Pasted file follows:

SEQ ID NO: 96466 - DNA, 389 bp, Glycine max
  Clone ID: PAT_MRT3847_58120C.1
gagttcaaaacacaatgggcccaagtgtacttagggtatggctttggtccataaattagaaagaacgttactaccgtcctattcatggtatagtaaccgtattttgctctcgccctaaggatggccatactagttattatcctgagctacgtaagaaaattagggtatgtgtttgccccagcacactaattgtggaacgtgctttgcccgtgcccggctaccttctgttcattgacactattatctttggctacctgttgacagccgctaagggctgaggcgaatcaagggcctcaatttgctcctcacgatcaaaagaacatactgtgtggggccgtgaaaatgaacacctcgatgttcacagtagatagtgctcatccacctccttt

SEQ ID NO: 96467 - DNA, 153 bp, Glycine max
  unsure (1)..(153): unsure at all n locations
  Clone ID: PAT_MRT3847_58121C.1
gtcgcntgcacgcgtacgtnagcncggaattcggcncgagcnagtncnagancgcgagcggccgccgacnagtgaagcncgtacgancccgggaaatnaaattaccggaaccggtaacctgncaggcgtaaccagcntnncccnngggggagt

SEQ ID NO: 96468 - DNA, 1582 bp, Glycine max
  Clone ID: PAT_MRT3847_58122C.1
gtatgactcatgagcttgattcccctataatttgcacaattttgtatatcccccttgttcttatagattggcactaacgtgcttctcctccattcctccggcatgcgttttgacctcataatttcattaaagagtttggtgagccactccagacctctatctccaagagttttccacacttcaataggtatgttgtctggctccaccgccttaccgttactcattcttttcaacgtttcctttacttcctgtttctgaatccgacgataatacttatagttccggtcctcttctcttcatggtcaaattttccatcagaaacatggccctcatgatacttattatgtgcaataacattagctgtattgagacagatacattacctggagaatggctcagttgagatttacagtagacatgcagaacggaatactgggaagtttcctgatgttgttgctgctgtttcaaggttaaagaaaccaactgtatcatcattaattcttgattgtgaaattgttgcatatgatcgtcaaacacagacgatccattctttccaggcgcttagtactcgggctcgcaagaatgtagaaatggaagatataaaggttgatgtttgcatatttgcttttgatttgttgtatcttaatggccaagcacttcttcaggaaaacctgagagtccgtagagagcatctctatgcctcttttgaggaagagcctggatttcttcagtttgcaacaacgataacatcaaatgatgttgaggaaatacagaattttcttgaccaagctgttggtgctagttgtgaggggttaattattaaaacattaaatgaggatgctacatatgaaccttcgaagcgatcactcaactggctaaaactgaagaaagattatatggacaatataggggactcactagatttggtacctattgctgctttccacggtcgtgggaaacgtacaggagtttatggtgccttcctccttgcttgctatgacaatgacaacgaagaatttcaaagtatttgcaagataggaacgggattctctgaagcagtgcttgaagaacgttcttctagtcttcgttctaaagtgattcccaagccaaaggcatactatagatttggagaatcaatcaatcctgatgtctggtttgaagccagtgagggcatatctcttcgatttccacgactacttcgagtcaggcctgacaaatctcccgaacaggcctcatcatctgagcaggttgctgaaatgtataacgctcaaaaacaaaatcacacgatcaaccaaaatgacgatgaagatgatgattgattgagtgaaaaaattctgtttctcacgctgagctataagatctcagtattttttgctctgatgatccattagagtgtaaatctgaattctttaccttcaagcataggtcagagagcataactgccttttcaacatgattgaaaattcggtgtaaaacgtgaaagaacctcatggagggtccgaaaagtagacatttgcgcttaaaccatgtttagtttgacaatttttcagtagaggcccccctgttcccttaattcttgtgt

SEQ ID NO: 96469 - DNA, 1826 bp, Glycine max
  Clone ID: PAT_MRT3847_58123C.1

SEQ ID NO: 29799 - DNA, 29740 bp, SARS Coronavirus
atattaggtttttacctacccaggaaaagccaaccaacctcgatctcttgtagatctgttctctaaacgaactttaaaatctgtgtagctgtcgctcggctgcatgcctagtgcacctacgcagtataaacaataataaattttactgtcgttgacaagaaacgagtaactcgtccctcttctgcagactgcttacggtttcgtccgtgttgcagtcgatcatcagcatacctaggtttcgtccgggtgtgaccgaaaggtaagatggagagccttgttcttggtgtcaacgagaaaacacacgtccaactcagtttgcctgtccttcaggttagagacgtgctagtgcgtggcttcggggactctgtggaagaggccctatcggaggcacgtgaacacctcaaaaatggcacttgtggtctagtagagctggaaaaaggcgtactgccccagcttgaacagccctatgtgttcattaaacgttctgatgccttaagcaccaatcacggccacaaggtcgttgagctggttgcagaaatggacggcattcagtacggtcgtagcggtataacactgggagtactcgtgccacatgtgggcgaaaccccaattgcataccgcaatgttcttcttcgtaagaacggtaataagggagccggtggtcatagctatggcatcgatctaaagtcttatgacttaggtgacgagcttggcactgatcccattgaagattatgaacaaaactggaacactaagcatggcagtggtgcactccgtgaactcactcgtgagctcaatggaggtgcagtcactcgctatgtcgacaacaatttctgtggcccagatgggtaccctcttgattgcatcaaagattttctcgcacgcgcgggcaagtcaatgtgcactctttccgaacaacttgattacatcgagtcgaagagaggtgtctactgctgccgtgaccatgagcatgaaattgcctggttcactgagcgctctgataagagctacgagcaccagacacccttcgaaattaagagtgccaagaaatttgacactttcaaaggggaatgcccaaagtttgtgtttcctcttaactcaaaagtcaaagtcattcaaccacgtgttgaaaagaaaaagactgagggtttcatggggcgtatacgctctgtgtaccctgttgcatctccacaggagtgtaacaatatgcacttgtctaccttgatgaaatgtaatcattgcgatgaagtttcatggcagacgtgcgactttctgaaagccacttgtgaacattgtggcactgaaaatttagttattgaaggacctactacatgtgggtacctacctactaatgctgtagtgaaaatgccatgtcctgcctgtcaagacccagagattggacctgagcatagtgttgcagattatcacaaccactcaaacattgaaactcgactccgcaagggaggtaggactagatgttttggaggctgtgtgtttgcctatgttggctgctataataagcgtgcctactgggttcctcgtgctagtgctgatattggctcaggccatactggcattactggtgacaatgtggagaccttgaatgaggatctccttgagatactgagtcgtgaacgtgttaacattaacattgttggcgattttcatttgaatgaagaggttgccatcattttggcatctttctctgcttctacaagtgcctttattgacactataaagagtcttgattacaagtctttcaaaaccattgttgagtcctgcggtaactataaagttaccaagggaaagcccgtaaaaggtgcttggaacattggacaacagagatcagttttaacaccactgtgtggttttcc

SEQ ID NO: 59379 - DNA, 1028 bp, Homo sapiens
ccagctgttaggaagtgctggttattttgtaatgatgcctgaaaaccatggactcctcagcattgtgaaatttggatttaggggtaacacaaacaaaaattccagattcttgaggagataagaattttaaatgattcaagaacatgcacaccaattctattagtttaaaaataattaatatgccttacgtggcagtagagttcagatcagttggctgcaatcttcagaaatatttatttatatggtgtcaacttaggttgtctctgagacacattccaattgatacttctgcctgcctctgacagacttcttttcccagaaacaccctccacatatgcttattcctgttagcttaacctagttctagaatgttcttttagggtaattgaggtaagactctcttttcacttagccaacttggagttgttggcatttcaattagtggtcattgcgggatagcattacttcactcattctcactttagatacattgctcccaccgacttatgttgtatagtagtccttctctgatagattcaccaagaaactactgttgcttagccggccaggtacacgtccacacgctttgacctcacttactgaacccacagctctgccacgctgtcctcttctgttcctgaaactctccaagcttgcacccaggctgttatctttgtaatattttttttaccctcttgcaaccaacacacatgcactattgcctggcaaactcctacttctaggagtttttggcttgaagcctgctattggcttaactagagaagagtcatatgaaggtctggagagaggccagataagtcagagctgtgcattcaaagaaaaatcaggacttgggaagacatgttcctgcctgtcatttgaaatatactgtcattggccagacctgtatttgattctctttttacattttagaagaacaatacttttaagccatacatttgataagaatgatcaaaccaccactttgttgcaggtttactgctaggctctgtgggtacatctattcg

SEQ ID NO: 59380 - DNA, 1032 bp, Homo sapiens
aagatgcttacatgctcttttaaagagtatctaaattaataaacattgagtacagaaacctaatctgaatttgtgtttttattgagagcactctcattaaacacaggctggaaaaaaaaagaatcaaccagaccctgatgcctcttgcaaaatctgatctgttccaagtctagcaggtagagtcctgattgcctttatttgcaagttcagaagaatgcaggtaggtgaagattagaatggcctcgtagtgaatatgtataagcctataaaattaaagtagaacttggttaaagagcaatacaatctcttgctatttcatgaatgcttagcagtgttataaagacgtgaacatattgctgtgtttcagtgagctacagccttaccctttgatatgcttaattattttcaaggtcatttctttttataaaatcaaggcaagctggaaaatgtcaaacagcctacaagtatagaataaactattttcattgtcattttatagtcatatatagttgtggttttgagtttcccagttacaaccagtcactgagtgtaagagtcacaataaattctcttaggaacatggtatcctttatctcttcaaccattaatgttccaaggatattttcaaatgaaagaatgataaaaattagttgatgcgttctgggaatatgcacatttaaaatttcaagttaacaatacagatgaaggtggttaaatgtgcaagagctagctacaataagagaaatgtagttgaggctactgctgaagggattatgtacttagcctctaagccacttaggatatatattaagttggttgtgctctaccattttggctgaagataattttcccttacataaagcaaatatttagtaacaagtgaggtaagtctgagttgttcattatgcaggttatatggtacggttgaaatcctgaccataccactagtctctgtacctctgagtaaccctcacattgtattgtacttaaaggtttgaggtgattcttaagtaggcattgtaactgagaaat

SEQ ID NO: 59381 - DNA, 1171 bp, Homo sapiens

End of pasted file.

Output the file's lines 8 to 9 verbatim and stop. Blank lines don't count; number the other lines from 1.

SEQ ID NO: 96468 - DNA, 1582 bp, Glycine max
  Clone ID: PAT_MRT3847_58122C.1